Frenuloplasty for tongue-tie

Frenuloplasty is the release of the tissue (lingual frenulum) that attaches the tongue to the floor of the mouth and closure of the wound with stitches. It is the preferred surgery for tongue-tie in a child over the age of 1 or 2 years.

During the procedure, the doctor clips the lingual frenulum to release the tongue and then stitches the resulting triangular-shaped wound closed. Pressure may be applied to stop any bleeding that occurs. See an illustration of frenuloplasty.

Younger children having a frenuloplasty may need general anesthesia; older children and adults may receive a local anesthetic.

After the procedure, the child or adult can resume a normal diet and may use acetaminophen, such as Tylenol or Panadol, for pain or discomfort.

Complications from tongue-tie surgery are rare but may include:

  • Infection at the site.
  • Excessive bleeding.
  • Recurrent tongue-tie from scar tissue formation. Tongue-tie may be more likely to recur after a simple release of the tissue (frenotomy) than after frenuloplasty. If tongue-tie recurs, it is generally less severe than it was before the surgery.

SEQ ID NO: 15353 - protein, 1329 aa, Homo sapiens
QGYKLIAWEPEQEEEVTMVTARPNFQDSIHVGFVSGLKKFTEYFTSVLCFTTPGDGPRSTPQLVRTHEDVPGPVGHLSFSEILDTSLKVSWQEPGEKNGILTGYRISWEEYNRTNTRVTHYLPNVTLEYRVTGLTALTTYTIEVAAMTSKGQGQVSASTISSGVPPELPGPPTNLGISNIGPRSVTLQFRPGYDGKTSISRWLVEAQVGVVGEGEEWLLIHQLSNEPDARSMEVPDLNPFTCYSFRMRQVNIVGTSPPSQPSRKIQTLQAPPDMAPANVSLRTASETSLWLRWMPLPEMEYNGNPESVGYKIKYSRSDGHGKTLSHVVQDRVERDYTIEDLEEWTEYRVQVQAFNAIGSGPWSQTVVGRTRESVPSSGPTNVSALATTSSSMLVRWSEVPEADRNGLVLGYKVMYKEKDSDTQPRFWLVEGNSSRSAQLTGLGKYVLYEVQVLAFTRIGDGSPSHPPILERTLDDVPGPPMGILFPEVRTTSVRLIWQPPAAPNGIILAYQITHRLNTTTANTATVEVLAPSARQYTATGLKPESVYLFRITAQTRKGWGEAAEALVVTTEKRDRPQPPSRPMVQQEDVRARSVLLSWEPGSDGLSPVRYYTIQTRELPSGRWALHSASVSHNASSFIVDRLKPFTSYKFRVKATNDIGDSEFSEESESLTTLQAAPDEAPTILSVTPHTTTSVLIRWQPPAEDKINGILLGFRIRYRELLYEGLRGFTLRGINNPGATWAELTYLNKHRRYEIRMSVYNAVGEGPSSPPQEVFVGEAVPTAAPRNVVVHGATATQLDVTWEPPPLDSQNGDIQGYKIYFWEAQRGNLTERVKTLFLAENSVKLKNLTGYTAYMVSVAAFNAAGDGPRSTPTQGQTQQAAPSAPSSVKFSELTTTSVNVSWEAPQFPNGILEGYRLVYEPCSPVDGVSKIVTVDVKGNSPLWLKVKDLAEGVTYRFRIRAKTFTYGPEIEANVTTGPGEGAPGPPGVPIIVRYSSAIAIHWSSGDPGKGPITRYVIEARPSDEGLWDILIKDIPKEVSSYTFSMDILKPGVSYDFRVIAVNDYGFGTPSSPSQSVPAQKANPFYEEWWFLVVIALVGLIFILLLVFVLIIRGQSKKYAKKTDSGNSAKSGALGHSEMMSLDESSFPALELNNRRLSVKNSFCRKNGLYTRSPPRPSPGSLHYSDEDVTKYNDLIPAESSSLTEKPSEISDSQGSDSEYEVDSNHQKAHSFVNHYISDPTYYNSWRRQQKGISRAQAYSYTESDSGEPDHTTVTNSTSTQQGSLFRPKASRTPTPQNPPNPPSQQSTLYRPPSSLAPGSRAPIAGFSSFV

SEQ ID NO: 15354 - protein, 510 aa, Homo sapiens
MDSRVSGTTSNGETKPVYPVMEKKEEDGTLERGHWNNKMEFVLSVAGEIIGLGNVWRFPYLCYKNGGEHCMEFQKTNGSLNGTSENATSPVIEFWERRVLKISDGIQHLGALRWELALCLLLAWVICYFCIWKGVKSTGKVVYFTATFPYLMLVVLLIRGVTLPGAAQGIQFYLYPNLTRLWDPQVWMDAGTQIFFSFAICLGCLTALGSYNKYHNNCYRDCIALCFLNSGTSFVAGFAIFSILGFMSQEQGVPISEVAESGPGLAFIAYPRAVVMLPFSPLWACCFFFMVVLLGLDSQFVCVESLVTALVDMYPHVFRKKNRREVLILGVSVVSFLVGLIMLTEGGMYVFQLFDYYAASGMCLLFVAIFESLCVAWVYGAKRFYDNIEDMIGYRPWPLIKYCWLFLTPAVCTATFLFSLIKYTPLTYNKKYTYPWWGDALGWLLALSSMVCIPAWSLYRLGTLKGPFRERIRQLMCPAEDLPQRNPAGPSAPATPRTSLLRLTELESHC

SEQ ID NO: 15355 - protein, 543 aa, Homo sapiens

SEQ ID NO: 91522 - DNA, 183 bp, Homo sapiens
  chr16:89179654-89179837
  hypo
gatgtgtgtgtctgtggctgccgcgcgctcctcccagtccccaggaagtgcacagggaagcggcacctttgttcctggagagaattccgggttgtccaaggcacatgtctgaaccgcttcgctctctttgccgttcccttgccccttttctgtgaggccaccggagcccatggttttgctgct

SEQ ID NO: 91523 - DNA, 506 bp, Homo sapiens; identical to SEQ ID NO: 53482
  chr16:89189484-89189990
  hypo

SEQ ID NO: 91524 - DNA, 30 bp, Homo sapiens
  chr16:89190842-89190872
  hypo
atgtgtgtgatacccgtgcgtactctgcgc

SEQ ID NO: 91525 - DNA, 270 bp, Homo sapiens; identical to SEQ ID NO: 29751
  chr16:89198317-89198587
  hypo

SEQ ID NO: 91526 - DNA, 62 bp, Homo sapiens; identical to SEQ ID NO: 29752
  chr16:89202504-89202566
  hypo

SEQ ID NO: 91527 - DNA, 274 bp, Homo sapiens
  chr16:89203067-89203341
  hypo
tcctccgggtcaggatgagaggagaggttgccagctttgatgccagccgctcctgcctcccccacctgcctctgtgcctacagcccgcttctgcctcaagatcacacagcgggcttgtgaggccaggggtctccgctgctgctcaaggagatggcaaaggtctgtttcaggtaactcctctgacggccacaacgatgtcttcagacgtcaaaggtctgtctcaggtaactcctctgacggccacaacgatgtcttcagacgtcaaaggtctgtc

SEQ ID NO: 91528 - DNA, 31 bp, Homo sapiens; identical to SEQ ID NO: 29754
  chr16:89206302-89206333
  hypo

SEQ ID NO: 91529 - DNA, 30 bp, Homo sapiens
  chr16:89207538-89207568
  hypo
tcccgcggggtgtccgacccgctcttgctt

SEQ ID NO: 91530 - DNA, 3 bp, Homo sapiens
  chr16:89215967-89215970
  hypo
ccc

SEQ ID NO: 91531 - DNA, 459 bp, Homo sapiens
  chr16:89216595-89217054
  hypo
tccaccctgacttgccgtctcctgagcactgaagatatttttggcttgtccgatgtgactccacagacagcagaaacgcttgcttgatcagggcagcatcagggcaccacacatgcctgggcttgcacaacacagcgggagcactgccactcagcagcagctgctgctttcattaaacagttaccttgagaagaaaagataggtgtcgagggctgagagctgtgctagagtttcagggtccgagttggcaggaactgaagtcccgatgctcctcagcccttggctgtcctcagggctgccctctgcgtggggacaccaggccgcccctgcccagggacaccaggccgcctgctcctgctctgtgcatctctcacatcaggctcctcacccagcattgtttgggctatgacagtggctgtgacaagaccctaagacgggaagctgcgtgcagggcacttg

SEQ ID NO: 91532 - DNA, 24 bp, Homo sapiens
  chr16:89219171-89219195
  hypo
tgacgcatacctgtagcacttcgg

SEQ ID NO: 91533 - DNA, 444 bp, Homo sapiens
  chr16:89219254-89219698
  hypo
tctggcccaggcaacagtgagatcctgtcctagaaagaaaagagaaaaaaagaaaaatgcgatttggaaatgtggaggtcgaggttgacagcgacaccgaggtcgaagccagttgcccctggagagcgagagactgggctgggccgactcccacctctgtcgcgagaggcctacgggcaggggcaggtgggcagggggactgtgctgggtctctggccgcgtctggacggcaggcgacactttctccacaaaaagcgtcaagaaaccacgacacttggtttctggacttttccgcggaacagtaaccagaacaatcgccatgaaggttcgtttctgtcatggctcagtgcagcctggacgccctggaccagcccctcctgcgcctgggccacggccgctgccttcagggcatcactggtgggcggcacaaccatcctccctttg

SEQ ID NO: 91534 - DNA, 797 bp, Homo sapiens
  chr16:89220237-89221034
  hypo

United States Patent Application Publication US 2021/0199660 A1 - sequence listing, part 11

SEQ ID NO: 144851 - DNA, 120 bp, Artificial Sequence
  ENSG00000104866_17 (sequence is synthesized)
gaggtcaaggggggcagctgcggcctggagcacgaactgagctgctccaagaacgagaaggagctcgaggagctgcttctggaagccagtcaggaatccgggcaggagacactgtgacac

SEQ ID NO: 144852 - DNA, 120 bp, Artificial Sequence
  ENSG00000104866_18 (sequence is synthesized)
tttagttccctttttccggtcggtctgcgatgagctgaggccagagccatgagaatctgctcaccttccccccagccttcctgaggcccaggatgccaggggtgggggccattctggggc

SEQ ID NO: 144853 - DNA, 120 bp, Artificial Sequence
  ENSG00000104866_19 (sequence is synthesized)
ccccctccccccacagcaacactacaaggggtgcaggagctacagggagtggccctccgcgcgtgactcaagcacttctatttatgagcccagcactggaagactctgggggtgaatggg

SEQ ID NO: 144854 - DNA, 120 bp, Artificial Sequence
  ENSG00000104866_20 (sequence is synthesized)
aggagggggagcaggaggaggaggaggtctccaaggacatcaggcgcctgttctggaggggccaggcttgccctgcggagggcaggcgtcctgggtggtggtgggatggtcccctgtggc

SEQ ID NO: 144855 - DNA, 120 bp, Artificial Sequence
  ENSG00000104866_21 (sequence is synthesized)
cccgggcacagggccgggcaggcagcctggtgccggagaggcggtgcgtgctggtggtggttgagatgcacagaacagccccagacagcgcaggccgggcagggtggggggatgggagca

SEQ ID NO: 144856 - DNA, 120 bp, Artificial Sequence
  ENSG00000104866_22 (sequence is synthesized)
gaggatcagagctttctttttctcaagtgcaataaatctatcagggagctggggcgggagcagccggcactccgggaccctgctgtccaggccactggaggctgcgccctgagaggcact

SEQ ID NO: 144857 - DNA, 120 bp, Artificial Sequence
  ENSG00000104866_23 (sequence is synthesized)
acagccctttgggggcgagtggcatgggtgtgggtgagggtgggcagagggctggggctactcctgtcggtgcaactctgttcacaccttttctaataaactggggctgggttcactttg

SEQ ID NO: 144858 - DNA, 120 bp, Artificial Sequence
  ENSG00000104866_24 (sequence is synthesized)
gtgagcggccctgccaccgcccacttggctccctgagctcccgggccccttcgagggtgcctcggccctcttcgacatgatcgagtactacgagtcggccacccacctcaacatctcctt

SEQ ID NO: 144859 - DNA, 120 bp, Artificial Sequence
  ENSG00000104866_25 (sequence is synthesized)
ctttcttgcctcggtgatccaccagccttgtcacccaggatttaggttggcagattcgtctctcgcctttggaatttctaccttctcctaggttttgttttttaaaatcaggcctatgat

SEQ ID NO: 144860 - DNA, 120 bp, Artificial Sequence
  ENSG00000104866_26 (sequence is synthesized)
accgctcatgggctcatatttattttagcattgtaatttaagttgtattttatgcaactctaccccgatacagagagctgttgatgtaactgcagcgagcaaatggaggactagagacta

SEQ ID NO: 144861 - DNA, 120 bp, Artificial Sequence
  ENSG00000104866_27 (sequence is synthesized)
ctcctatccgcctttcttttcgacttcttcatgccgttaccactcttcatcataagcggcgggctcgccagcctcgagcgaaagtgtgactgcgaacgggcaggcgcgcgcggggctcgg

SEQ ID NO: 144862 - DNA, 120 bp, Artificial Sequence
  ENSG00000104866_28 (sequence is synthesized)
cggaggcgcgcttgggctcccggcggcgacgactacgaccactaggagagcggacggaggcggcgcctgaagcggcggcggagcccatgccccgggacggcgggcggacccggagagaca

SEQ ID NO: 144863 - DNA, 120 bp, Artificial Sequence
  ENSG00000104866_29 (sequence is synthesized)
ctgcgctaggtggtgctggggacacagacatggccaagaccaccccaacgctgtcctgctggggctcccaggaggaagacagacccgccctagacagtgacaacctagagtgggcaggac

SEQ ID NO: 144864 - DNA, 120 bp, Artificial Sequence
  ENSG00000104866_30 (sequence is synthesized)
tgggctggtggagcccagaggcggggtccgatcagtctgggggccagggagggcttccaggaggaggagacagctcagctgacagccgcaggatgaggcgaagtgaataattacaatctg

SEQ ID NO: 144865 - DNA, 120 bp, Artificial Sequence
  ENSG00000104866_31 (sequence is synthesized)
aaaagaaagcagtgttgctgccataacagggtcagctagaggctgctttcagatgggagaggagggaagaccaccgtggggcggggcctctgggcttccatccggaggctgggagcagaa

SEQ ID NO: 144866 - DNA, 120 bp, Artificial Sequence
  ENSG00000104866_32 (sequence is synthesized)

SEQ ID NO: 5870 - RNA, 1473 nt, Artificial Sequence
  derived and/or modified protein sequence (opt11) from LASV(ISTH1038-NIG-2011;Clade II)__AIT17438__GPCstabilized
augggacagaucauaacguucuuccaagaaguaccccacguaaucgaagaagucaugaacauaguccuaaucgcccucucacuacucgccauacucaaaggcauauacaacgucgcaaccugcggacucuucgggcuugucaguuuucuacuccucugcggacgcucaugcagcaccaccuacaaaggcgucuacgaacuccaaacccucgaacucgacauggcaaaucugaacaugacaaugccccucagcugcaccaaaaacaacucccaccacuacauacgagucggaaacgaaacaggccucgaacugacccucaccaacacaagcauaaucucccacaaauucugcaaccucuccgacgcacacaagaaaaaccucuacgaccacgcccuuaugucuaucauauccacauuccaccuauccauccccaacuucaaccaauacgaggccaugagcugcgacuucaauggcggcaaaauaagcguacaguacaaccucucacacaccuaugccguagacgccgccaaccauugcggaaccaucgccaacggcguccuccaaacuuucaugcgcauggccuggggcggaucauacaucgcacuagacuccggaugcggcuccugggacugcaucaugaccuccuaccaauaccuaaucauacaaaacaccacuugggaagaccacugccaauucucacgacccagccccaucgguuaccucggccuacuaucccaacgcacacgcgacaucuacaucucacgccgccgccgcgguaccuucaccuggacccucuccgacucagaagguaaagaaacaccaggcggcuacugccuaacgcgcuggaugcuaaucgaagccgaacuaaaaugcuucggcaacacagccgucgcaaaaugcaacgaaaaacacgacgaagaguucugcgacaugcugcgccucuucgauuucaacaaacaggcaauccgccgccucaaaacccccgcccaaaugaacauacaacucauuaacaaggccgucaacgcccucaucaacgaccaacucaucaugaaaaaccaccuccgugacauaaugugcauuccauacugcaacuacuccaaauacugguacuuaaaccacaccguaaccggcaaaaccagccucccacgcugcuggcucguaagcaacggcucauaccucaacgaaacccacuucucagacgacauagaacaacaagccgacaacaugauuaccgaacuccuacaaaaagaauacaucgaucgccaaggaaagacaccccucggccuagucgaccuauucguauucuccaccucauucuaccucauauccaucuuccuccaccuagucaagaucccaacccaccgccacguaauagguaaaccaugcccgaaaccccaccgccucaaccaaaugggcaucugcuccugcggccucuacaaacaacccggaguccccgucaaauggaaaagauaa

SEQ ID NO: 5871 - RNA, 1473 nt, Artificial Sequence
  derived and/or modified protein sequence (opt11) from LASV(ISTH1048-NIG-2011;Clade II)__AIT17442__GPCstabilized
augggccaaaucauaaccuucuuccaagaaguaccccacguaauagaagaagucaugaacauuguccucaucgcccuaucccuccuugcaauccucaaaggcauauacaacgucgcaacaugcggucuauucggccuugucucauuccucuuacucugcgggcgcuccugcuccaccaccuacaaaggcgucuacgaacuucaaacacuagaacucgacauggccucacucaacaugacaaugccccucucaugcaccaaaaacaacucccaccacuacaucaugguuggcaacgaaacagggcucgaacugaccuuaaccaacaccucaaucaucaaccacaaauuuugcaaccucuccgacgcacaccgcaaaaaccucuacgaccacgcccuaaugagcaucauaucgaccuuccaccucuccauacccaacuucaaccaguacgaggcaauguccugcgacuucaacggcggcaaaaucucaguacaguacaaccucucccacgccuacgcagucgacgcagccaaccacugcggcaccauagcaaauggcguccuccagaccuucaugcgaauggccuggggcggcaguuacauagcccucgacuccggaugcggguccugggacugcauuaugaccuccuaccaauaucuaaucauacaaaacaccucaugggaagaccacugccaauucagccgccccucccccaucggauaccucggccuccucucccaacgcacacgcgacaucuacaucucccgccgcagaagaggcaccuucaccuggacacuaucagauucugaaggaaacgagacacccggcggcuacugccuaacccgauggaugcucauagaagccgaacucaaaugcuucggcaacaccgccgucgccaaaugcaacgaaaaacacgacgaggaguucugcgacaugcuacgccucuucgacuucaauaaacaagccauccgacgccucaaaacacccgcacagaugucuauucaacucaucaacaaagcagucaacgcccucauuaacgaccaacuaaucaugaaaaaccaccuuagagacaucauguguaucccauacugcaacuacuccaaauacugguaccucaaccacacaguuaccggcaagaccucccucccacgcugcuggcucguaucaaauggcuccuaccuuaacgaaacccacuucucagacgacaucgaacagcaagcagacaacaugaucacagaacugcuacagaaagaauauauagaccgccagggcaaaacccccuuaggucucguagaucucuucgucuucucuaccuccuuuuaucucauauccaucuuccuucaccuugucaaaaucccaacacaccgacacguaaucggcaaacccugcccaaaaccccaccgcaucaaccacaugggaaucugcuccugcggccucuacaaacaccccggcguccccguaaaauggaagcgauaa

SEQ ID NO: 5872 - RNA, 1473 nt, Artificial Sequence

Older children and adults may need to do tongue exercises several times daily for about 4 to 6 weeks after the surgery. These exercises help strengthen the tongue muscle, improve mobility of the tongue, and reduce the chances of scar tissue formation.

Last Updated: August 20, 2009

related physicians

related services

Bon Secours International| Sisters of Bon Secours USA| Bon Secours Health System

This information does not replace the advice of a doctor. Healthwise disclaims any warranty or liability for your use of this information. Your use of this information means that you agree to the Terms of Use. Privacy Policy. How this information was developed to help you make better health decisions.

© 1995-2010 Healthwise, Incorporated. Healthwise, Healthwise for every health decision, and the Healthwise logo are trademarks of Healthwise, Incorporated.